The Other World (1657), Context: Most men judge only by their senses and let themselves be persuaded by what they see. Just as the man whose boat sails from shore to shore thinks he is stationary and that the shore moves, men turn with the earth under the sky and have believed that the sky was turning above them. On top of that, insufferable vanity has convinced humans that nature has been made only for them, as though the sun, a huge body four hundred and thirty-four times as large as the earth, had been lit only to ripen our crab apples and cabbages. I am not one to give in to the insolence of those brutes. I think the planets are worlds revolving around the sun and that the fixed stars are also suns that have planets revolving around them. We can't see those worlds from here because they are so small and because the light they reflect cannot reach us. How can one honestly think that such spacious globes are only large, deserted fields? And that our world was made to lord it over all of them just because a dozen or so vain wretches like us happen to be crawling around on it? Do people really think that because the sun gives us light every day and year, it was made only to keep us from bumping into walls? No, no, this visible god gives light to man by accident, as a king's torch accidentally shines upon a working man or burglar passing in the street.

„Do you say it is incomprehensible that there is nothingness in the world and that we are partly composed of nothing?“

—  Cyrano de Bergerac
The Other World (1657), Context: Do you say it is incomprehensible that there is nothingness in the world and that we are partly composed of nothing? Well, why not? Is not the whole world enveloped by nothingness? Since you concede that point, admit as well that it is just as easy for the world to have nothingness within as without.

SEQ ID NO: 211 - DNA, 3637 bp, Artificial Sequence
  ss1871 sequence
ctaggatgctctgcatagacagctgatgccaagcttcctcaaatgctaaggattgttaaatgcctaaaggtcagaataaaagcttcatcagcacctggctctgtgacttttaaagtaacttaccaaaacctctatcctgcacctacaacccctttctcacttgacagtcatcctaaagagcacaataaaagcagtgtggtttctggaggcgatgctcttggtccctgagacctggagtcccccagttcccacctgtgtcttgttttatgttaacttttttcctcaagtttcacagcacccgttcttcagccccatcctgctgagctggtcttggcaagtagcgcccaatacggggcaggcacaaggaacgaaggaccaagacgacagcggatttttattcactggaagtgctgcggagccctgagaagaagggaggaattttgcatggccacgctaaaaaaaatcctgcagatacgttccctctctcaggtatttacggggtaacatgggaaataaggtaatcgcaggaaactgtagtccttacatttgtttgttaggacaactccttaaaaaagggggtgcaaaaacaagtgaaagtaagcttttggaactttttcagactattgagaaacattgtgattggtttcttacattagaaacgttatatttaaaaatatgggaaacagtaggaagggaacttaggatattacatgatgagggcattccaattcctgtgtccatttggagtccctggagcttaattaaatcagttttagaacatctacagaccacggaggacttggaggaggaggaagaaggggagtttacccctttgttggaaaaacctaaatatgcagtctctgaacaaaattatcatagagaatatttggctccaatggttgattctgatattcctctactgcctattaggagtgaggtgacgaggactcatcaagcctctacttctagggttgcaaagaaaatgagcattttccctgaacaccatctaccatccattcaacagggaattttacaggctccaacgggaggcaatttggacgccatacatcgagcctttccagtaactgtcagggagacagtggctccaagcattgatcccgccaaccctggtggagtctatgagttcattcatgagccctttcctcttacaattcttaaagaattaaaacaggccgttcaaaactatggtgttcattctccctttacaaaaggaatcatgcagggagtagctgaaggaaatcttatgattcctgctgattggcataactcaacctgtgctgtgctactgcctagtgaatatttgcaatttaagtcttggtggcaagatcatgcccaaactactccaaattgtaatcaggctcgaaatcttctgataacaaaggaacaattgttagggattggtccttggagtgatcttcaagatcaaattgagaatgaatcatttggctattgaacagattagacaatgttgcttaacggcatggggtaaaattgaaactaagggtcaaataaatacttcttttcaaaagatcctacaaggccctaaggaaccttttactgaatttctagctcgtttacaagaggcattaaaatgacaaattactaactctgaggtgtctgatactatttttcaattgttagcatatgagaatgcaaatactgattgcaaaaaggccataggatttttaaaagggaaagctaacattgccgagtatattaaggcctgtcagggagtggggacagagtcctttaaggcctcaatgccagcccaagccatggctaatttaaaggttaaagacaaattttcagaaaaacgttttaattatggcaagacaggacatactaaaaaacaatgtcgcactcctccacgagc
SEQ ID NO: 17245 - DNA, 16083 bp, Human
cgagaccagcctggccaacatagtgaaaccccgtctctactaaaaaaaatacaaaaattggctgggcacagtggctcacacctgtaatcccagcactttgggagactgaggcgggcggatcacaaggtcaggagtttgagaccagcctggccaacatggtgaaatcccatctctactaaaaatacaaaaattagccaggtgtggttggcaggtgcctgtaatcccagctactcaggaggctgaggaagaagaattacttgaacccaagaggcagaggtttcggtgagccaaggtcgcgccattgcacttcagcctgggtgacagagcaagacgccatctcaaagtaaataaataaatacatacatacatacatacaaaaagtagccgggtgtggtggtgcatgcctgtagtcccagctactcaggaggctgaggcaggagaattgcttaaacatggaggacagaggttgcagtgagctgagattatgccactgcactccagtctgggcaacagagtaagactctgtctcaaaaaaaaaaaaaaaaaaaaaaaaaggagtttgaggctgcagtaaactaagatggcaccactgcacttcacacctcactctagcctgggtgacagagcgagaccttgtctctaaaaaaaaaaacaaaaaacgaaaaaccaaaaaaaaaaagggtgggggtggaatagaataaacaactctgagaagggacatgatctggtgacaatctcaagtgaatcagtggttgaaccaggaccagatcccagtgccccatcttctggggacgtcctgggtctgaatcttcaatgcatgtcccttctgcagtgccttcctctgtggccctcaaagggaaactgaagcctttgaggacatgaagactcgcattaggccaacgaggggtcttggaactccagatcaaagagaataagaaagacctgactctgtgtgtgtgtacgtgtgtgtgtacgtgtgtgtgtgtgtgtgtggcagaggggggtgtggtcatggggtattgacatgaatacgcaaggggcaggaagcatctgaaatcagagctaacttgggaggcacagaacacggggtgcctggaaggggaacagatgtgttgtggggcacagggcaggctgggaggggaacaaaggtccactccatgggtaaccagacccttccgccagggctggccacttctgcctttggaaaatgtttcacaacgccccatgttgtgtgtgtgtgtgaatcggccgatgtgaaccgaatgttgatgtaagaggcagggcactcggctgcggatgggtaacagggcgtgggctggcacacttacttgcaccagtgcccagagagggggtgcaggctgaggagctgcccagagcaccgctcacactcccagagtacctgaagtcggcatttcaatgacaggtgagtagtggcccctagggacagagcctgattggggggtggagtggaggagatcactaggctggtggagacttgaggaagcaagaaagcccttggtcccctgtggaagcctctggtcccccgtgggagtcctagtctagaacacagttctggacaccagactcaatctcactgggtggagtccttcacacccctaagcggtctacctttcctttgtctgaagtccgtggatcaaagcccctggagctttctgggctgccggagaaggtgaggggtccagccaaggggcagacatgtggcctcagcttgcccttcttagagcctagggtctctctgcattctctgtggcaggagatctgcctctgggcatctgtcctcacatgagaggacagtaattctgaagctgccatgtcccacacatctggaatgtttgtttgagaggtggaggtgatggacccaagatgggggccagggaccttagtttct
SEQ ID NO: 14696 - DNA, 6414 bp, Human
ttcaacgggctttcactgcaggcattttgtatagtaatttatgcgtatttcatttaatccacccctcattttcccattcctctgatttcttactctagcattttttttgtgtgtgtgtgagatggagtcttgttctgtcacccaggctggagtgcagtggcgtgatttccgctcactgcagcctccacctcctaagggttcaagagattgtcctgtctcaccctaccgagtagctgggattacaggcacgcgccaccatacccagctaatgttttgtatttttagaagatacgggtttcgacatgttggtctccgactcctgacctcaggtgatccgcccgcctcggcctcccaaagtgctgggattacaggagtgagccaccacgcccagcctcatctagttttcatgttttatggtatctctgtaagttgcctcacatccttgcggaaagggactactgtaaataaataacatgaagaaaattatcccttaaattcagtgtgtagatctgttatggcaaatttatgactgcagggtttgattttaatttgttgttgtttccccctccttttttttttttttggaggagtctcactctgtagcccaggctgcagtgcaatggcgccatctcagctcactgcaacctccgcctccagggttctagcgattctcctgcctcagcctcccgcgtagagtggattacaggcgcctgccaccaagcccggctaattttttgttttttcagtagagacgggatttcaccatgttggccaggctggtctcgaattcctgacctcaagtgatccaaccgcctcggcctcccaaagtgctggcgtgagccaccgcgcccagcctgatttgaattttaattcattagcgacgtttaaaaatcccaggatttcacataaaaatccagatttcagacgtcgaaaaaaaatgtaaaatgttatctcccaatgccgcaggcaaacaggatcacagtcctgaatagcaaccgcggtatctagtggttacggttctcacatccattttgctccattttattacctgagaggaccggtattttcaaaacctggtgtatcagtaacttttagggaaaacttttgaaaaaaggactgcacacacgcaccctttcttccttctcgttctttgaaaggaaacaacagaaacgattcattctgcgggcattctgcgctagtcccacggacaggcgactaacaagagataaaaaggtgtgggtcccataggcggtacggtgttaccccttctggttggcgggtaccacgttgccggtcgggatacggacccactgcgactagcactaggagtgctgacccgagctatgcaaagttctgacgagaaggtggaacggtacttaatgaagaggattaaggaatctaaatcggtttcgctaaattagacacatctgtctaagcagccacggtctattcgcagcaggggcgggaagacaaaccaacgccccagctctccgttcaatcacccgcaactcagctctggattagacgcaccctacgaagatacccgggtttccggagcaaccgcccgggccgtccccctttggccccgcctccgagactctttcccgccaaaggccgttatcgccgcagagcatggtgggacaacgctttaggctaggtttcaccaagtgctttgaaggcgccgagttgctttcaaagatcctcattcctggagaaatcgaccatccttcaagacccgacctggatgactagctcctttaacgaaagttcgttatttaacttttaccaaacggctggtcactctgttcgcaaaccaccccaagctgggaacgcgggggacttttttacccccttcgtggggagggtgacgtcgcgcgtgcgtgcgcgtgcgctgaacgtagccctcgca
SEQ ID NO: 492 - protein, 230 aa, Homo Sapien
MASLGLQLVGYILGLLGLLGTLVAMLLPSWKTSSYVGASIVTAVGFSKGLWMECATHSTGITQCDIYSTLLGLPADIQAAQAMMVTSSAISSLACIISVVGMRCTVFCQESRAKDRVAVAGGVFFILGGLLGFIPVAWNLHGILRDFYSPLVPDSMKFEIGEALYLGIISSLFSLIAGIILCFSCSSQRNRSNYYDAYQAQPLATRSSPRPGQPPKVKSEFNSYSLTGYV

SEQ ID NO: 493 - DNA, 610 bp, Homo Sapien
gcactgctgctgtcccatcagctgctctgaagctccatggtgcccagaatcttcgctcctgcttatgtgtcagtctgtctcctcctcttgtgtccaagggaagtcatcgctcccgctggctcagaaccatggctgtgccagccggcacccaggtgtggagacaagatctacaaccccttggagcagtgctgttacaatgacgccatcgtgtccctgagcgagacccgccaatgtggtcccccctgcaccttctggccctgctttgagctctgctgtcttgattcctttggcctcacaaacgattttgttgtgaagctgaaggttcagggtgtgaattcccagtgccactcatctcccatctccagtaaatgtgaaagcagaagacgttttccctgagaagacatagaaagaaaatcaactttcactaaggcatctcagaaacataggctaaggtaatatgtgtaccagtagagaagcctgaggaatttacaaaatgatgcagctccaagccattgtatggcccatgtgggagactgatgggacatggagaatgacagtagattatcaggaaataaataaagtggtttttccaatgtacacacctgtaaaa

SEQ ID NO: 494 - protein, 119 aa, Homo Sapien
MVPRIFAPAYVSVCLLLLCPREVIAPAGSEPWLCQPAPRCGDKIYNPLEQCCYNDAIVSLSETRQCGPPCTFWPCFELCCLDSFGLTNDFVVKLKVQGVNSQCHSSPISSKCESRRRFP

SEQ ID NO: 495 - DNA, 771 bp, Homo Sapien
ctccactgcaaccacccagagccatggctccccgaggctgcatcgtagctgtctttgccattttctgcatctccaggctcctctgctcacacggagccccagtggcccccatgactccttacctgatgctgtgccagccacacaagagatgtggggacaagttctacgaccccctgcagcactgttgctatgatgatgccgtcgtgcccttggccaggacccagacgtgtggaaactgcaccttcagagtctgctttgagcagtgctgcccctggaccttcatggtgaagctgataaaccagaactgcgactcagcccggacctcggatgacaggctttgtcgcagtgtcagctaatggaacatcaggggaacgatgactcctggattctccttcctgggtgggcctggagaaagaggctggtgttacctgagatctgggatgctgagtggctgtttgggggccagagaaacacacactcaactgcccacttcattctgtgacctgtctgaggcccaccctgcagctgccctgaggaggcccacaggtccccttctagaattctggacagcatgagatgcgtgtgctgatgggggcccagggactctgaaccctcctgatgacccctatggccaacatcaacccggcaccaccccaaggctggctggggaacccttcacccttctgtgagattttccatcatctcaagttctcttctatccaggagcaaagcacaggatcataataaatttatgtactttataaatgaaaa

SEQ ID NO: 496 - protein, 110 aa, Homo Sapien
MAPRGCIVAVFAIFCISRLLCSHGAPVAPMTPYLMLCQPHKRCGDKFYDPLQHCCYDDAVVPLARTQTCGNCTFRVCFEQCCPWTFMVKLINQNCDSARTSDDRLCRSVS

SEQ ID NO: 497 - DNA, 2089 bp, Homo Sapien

„All that has sensation and growth — all matter, in short — will pass through man.“

—  Cyrano de Bergerac
The Other World (1657), Context: All that has sensation and growth — all matter, in short — will pass through man. When that has happened, the great Day of Judgment will come, and that is the end point of the mysteries in the philosophy of the prophets.

„I learned to understand their language and to speak it a little.“

—  Cyrano de Bergerac
The Other World (1657), Context: I learned to understand their language and to speak it a little. Immediately the news spread throughout the kingdom that two little wild men had been discovered. We were smaller than everybody else because the wilderness had provided us with such bad food. And it was a genetic defect that caused us to have forelimbs that weren't strong enough to support us. This belief gained strength through repetition despite the priests of the country. They opposed it, saying that it was an awful impiety to believe that not only animals but monsters might be of the same species as they.

„If our soul, then, is no longer His image, we still do not resemble Him by our hands, feet, mouth, face and ears any more than the cabbage does by its leaves, flowers, stem, heart or head.“

—  Cyrano de Bergerac
The Other World (1657), Context: Tell me, is the cabbage you mention not as much a creature of God as you? Do you not both have God and potentiality for your father and mother? For all eternity has God not occupied His intellect with the cabbage's birth as well as yours? It also seems that He has necessarily provided more for the birth of the vegetable than for the thinking being... Will anyone say that we are born in the image of the Sovereign Being, while cabbages are not? Even if it were true, we have effaced that resemblance by soiling our soul in the way in which we resembled Him, because there is nothing more contrary to God than sin. If our soul, then, is no longer His image, we still do not resemble Him by our hands, feet, mouth, face and ears any more than the cabbage does by its leaves, flowers, stem, heart or head.

„Lorem ipsum dolor sit amet, consectetuer adipiscing elit. Etiam egestas wisi a erat. Morbi imperdiet, mauris ac auctor dictum.“